Saturday, December 31, 2011

Black-eyed peas

Enough of the history on w/the food!

1 pound dried black-eyed peas
(fresh or canned black-eyed peas can be substituted)
6 ounces pork shoulder diced into 1/2-inch cubes
4 strips thick bacon, cut into 1/2-inch pieces
1 teaspoon freshly cracked black pepper
1 medium onion, small diced
1/2 teaspoon cayenne pepper
1 teaspoon garlic powder
4 garlic cloves, sliced
1 1/2 teaspoons salt
4 cups chicken stock
2 tablespoons oil 
2 cups water
3 bay leaves
Hot-pepper vinegar, as desired
Directions
If using dried black-eyed peas, put in a large pot and cover with about 4 inches of water. Soak the peas overnight, then drain the water and rinse. You can "quick-soak" the peas by bringing them to a boil. (2 minutes) After this, remove from heat, cover the pot and soak the peas (1 hour) Then, dain and rinse the peas. Set aside.

Heat the oil in a large pot over medium-high heat. When the oil is hot (shimmering) add pork. Sear until pork is browned on all sides (4 to 5 minutes) Add the bacon, onion and garlic to the pot and cook, stirring, until the onion and garlic are lightly browned, about 6 to 8 minutes. Add the salt, black pepper, cayenne and garlic powder; saute until the entire mixture is coated with the spices (about 2 minutes) Pour in the stock and water and drop in the bay leaves. Bring the mixture to a boil, then reduce the heat and simmer, covered, for about 30 minutes.

When the pork begins to fall apart, add the prepared peas to the pot and simmer until the peas are very soft, about 1 to 1 1/2 hours. (If you want them creamy as when you cook red beans you can do either of two things. You can take the spoon you're cooking w/mashing them aside the pot. Or you can take out a small portion (about 1 cup or so) & puree them then back to the pot)

New Years meal

Julius Caesar chose the Julian calendar in 46 BC, as a result, January 1 became the day for Western world celebrations of the New Year. Due to our French heritage there’s only one thing to eat black-eyed peas (a gift from a part of Africa ruled by the French for a long time) Black-eyed peas are de rigueur in New Orleans, a place where France left a big shoe print. Whatever the truth of the story, cabbage leaves represent paper greenbacks and black-eyed peas, long considered a lucky legume because of their association with coins, particularly West Africa. Where slavers stole most of the slaves away from that part of the world and shipped them to the Antebellum South.  As far back as the time of the pharaohs of Egypt, people believed that eating black-eyed peas would bring luck on certain auspicious days.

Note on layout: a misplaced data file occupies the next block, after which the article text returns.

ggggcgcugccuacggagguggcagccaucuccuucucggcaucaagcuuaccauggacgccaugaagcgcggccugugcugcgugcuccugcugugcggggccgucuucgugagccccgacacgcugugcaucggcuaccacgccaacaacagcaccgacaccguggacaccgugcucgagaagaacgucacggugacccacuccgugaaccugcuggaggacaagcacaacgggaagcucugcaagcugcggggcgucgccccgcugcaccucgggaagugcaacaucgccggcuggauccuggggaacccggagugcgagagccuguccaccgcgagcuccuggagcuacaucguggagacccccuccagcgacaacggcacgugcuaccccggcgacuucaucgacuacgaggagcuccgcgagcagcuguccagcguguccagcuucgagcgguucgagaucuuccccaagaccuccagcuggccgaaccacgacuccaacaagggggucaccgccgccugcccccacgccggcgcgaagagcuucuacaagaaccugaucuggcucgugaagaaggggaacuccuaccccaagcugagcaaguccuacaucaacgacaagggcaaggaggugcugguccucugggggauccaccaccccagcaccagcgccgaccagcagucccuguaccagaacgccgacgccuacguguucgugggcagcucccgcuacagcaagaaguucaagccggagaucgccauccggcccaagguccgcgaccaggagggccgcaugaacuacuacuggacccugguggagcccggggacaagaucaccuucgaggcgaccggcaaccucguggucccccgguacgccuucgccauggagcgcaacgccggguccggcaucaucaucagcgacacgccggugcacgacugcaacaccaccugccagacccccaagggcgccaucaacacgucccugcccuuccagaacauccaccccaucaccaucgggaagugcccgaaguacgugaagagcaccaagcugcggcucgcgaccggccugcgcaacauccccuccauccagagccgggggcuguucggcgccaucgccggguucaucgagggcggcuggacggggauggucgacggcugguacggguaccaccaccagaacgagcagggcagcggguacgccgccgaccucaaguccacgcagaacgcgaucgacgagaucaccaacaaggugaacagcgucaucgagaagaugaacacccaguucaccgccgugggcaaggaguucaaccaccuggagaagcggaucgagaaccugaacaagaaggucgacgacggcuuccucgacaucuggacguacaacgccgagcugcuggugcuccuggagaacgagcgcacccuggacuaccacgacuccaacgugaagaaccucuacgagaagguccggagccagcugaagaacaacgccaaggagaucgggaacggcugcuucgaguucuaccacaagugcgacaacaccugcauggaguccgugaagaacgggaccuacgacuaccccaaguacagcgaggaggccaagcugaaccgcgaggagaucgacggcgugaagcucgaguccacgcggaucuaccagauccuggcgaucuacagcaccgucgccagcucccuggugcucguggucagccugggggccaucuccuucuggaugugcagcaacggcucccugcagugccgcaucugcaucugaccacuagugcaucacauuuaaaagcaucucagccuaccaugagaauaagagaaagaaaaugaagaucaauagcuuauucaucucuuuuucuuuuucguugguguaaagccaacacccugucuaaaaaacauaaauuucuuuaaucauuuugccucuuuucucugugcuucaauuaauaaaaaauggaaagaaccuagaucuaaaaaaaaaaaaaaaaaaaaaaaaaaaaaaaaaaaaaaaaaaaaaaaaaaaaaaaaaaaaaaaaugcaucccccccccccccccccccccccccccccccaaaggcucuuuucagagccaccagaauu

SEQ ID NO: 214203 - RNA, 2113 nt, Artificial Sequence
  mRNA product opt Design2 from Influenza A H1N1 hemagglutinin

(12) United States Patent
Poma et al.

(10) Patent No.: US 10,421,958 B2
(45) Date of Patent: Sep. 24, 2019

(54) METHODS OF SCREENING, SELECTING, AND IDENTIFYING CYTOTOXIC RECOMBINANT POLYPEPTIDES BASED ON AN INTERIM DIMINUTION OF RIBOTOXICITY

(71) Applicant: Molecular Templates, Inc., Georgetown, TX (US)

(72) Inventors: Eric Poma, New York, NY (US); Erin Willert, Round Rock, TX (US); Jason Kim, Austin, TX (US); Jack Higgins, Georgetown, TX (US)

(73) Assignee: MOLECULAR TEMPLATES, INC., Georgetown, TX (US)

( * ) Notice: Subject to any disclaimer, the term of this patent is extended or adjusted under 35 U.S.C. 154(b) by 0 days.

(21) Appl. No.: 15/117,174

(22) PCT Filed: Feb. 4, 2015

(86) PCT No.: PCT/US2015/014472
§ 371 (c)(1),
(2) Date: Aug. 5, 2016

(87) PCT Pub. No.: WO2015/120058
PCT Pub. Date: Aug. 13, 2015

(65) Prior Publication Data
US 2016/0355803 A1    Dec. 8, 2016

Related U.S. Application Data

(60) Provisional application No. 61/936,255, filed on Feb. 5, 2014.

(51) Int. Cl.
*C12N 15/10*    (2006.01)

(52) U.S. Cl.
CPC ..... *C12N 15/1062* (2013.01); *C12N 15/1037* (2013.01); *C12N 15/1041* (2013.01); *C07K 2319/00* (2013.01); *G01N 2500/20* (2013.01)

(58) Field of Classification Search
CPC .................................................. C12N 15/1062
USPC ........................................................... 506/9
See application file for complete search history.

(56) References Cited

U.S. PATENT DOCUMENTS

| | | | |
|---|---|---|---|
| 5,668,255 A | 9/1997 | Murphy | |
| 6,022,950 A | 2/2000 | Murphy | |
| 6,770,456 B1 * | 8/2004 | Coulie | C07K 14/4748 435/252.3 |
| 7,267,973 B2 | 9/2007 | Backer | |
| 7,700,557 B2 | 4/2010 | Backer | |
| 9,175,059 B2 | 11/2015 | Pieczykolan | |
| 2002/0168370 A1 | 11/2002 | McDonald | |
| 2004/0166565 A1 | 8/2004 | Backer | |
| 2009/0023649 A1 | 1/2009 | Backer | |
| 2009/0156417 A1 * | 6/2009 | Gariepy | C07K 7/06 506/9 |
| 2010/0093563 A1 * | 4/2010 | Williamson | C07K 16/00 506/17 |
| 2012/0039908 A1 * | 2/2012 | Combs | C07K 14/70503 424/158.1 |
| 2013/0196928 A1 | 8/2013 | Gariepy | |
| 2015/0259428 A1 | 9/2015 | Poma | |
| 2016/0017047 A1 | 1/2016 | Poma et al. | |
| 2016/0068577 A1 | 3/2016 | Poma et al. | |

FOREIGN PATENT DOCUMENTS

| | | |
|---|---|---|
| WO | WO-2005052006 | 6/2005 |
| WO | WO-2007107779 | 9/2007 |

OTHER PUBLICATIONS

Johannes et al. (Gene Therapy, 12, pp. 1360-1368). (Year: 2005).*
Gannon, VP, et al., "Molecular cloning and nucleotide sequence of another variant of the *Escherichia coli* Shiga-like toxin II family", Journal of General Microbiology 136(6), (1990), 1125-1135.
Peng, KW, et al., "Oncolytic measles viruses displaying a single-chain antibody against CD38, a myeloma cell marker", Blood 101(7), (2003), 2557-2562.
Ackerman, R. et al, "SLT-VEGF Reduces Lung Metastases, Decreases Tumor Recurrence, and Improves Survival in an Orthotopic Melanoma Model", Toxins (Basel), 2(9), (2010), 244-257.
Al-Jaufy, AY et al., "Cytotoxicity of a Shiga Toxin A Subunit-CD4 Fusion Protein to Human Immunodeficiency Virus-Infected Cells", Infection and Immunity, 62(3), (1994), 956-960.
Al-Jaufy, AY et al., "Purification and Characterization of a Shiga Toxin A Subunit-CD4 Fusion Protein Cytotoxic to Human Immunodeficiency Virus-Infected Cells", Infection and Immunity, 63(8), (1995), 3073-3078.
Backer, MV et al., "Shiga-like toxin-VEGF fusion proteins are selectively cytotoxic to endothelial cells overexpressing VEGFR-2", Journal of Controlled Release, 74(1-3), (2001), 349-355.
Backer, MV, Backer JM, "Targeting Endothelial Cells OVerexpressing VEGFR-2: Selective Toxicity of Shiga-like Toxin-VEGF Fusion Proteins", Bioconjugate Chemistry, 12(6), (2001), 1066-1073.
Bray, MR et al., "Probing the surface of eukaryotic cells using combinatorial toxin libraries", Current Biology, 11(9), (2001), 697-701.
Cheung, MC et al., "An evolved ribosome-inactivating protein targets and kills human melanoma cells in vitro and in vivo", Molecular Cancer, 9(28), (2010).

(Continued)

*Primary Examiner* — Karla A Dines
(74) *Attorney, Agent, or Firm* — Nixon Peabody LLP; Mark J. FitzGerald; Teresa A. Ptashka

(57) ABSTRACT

New Year’s Day carries with it a whole truckload of fascinating history. Depending on whom you ask, the foods represent various types of blessings and success. Eating food for strength, health, and wealth an age old phenomenon. For instance, pigs are popular symbols of good luck and progress in some European countries; anything green is considered a sign of prosperity. Some sources say that Thomas Jefferson (the first real American gourmet/foodie) introduced black-eyed peas to the region around his Monticello estate, at least as a serious crop and ground cover. There is speculation that Black-eyed peas came from Africa to Virginia in the 1600s? Apparently didn’t really become a major crop until later. (after the Revolutionary War) Now supposedly Northern troops thought the beans they saw in the field were field peas, in their minds only good for feeding livestock. The grateful Southerners “found” the beans and saved themselves from starvation. According to folklore throughout the South the first food to be eaten on New Year's Day for luck and prosperity throughout the year ahead is black-eyed peas. One must eat at least 365 black-eyed peas on New Year's Day to ensure best chance of luck every day in the year ahead.  Whatever the truth of that story maybe?